Against Iran, the United States revives the anti-Saddam model

The recent visit by Iranian Foreign Minister Mohammad Javad Zarif to the G7 following a French invitation rekindled a dim hope of peace for Tehran.
It is still unclear whether Emmanuel Macron's move was taken unilaterally or whether it represents the result of a common Western reflection to attempt a last diplomatic route with the Islamic Republic of Iran. In any case, the path of dialogue seems anything but simple, particularly after the last few months of high tension between Washington and Tehran.

United States at the crossroads between war and diplomacy

The American decision to unilaterally withdraw from the nuclear agreement reached under the Obama presidency has added to the program of secondary sanctions aimed at bringing the Iranian economy to its knees. The first effects of this road are already visible and, as witnessed by Sole24Ore [1], the Iranian GDP has fallen by as much as nine percentage points in the last month.
However, the final objective of the American administration does not seem clear yet that, in spite of the media image, so far it has assumed an international conduct aimed at military disengagement. The fate of Iran will therefore perhaps depend on the balance of power between an American deep state well disposed towards the military solution against Tehran and a presidency that does not look favorably on a costly cross-border commitment.

American propaganda dusted off for the occasion

What is certain is that from a propagandistic point of view the so-called deep state seems to work full time, hammering public opinion on the danger that the ayatollahs' regime would represent for the western world. But the surprising fact is that the messages used to delegitimize Iran are perfectly superimposable with those used against Saddam Hussein's Iraq before the 2003 US intervention. According to the investigative newspaper The Intercept [2] the anti-Iran propaganda of the United States would be based in particular on five assumptions, actually easily deniable. Five accusations that should be well known to Western public opinion, given that they have already been used against Baathist Iraq.
Let's start with the first one: according to the American administration “Iran is building nuclear weapons”. As reported by The Intercept, it was George W. Bush himself who in 2007 asserted with certainty that Iran had arrested its military nuclear program, a thesis confirmed also last January by the Director of American Intelligence. Overlapping the current scenario with what happened previously, it should not be difficult to remember how between 2002 and 2003 the Bush administration had repeatedly stated with certainty the presence of weapons of mass destruction in Iraq, while in 2016 a British report it shed light on the complete inexistence of evidence showing the existence of such an arsenal.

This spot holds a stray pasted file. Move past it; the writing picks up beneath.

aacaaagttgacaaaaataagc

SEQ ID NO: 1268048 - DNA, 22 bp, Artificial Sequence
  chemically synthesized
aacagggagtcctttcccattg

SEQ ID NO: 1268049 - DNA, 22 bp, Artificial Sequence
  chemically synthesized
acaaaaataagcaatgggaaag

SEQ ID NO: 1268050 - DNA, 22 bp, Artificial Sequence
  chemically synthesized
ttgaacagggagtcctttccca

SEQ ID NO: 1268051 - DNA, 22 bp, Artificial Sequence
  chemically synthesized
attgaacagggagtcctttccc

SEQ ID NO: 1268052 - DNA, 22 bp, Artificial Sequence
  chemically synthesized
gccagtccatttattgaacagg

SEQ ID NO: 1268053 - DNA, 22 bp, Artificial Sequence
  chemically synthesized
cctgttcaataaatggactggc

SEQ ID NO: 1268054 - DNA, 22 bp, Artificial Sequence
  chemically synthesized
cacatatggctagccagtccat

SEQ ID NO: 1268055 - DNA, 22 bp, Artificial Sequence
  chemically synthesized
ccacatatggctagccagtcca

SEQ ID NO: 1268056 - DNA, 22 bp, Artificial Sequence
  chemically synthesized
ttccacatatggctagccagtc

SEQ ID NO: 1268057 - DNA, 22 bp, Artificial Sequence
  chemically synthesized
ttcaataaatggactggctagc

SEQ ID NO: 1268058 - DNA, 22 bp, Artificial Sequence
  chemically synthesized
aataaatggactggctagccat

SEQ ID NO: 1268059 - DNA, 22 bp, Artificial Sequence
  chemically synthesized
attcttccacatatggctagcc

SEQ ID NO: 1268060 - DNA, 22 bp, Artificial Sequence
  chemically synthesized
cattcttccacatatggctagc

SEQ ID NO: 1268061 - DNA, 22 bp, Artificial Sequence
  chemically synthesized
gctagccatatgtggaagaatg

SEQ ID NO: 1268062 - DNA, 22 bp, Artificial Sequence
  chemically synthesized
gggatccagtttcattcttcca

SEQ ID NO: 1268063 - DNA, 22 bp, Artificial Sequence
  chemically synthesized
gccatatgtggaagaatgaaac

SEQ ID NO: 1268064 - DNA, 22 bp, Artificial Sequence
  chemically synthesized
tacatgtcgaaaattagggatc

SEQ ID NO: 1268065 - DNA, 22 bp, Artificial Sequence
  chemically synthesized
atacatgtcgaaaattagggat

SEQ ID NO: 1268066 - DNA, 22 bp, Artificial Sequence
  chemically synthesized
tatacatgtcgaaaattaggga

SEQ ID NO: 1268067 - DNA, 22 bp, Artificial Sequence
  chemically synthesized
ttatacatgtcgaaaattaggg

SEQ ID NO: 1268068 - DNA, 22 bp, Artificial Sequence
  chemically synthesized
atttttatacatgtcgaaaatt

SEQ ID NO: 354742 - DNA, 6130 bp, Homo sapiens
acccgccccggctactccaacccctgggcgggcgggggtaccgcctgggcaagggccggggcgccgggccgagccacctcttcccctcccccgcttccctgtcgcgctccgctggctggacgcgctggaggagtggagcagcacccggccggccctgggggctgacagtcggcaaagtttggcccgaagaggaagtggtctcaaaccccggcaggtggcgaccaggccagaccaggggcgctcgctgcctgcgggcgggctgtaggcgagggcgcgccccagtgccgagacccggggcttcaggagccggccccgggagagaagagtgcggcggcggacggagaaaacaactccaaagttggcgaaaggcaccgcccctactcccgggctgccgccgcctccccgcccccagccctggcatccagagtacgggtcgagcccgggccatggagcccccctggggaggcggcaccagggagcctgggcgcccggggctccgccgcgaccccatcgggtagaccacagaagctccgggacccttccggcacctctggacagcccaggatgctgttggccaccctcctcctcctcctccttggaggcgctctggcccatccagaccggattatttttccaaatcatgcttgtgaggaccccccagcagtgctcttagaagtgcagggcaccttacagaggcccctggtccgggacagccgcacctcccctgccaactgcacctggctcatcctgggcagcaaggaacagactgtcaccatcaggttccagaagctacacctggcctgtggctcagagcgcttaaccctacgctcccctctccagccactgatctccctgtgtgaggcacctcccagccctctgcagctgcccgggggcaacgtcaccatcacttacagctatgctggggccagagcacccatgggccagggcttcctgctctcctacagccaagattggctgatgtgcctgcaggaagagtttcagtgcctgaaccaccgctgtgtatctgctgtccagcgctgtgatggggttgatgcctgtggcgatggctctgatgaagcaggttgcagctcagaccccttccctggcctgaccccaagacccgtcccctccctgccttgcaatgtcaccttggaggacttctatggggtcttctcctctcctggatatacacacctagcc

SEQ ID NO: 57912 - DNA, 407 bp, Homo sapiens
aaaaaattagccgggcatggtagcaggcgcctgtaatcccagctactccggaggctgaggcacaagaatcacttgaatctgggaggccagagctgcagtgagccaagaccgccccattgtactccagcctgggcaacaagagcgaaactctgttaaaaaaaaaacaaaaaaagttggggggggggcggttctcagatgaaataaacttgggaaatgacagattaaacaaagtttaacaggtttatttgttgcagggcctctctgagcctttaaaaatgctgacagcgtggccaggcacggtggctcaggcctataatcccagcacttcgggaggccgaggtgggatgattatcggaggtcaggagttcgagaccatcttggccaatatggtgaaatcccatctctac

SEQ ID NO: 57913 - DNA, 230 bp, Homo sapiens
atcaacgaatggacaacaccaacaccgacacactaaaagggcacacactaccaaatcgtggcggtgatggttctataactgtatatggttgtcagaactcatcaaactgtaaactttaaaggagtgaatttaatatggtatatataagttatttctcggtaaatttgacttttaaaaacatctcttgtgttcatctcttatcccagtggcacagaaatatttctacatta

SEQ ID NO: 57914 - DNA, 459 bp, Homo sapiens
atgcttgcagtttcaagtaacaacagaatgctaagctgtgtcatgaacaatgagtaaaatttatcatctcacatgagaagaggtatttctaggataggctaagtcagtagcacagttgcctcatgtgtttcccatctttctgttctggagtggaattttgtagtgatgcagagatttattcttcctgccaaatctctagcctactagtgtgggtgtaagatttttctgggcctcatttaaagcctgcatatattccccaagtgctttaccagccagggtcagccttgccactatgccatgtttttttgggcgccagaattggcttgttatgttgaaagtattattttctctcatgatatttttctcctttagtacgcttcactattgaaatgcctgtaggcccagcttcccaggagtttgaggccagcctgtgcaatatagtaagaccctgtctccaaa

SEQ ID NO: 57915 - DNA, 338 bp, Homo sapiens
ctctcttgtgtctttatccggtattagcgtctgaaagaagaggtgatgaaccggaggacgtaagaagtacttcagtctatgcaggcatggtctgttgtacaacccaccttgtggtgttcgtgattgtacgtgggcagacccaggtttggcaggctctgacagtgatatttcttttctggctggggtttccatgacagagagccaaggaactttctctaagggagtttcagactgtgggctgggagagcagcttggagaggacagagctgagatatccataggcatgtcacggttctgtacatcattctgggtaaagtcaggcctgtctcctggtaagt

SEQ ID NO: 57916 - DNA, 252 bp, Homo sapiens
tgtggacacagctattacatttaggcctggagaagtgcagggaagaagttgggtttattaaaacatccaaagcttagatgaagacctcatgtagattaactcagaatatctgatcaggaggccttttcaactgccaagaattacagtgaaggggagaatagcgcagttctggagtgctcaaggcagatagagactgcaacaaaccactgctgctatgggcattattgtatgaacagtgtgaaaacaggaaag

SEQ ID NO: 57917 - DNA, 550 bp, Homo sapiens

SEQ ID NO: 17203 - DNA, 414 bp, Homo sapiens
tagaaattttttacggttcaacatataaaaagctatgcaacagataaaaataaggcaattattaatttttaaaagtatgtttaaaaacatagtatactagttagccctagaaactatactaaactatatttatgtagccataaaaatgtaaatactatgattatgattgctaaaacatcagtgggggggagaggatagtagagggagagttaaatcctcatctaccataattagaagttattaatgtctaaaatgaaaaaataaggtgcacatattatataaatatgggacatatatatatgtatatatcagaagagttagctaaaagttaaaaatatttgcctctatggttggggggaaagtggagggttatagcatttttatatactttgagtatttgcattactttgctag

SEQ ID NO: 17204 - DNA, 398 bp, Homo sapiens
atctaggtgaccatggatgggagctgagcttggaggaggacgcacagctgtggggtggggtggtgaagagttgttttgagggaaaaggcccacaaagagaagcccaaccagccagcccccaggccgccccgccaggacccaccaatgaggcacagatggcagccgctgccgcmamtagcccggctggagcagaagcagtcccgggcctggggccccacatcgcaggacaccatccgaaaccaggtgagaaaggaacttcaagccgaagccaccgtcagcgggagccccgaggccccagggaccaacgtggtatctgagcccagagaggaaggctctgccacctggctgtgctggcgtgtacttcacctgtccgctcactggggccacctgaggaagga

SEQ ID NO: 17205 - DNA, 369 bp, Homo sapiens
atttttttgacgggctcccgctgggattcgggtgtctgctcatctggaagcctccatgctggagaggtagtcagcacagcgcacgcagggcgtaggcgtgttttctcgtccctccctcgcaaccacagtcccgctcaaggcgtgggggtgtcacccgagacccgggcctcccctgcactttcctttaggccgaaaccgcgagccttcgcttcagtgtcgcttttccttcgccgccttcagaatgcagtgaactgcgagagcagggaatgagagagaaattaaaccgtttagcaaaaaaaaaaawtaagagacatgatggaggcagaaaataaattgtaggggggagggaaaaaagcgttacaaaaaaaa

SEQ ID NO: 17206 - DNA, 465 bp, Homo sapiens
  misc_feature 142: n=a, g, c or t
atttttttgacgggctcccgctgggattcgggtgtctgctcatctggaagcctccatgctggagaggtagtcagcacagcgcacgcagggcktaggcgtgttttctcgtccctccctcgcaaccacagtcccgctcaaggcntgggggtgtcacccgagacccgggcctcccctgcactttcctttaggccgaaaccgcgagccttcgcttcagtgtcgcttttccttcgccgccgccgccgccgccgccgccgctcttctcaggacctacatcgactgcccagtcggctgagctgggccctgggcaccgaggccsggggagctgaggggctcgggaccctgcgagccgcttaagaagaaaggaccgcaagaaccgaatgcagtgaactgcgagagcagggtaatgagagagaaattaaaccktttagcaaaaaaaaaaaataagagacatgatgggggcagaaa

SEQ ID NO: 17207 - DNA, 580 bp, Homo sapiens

The accusations against Iran and those against Saddam

As a second accusation against Iran, the United States claims that it has repeatedly violated the nuclear agreement signed in 2015. Again, the International Atomic Energy Agency (IAEA), the highest international authority in the field, denied the American administration. More than twelve reports [3] published by the IAEA would confirm instead that Tehran has always complied with all the terms of the agreement. It is surprising in this case to recall that between 2002 and 2003, Saddam Hussein had accepted the arrival of the UN international inspectors to verify the presence of weapons of mass destruction. Inspections which, needless to say, did not produce any concrete results.
As a third and fourth accusation, the United States asserts that Iran is the main sponsor of international terrorism, as well as a host country of Al Qaeda training camps. Among the major terrorist groups in the world, namely ISIS, Boko Haram, Al Qaeda and Al Shabab, no connection can be found with the Islamic Republic of Iran. Al Qaeda in particular is even considered a great antagonist of the ayatollahs' regime, as confirmed by a report [4] by the 2012 Center for Combating Terrorism.

The war against Iran would be terrible

Also for this accusation we can find the exact parallel in the second Gulf war, when Saddam Hussein was accused of hosting Al Qaeda training camps in his own territory. The charges remained, but the evidence was never found. Finally, the last American sentence concerns the possible conflict with Iran: according to Senator Tom Cotton the war would be very short and easy [5].
A version that clashes with what was stated by Larry Wilkerson, former chief of staff of Colin Powell, according to whom the conflict with Iran would instead be “terrible”, would cost more than 2 trillion dollars and would require the use of half a million troops. It's hard to forget how the Bush administration had promised a flash war, rapid and painless also in Iraq. The current presence of US military in Iraq over sixteen years after the start of that war still testifies to the consistency of the American error.
[1] An Italian newspaper
[3] ibid.  
[4] ibid.
Translation by Costantino Ceoldo – Pravda freelance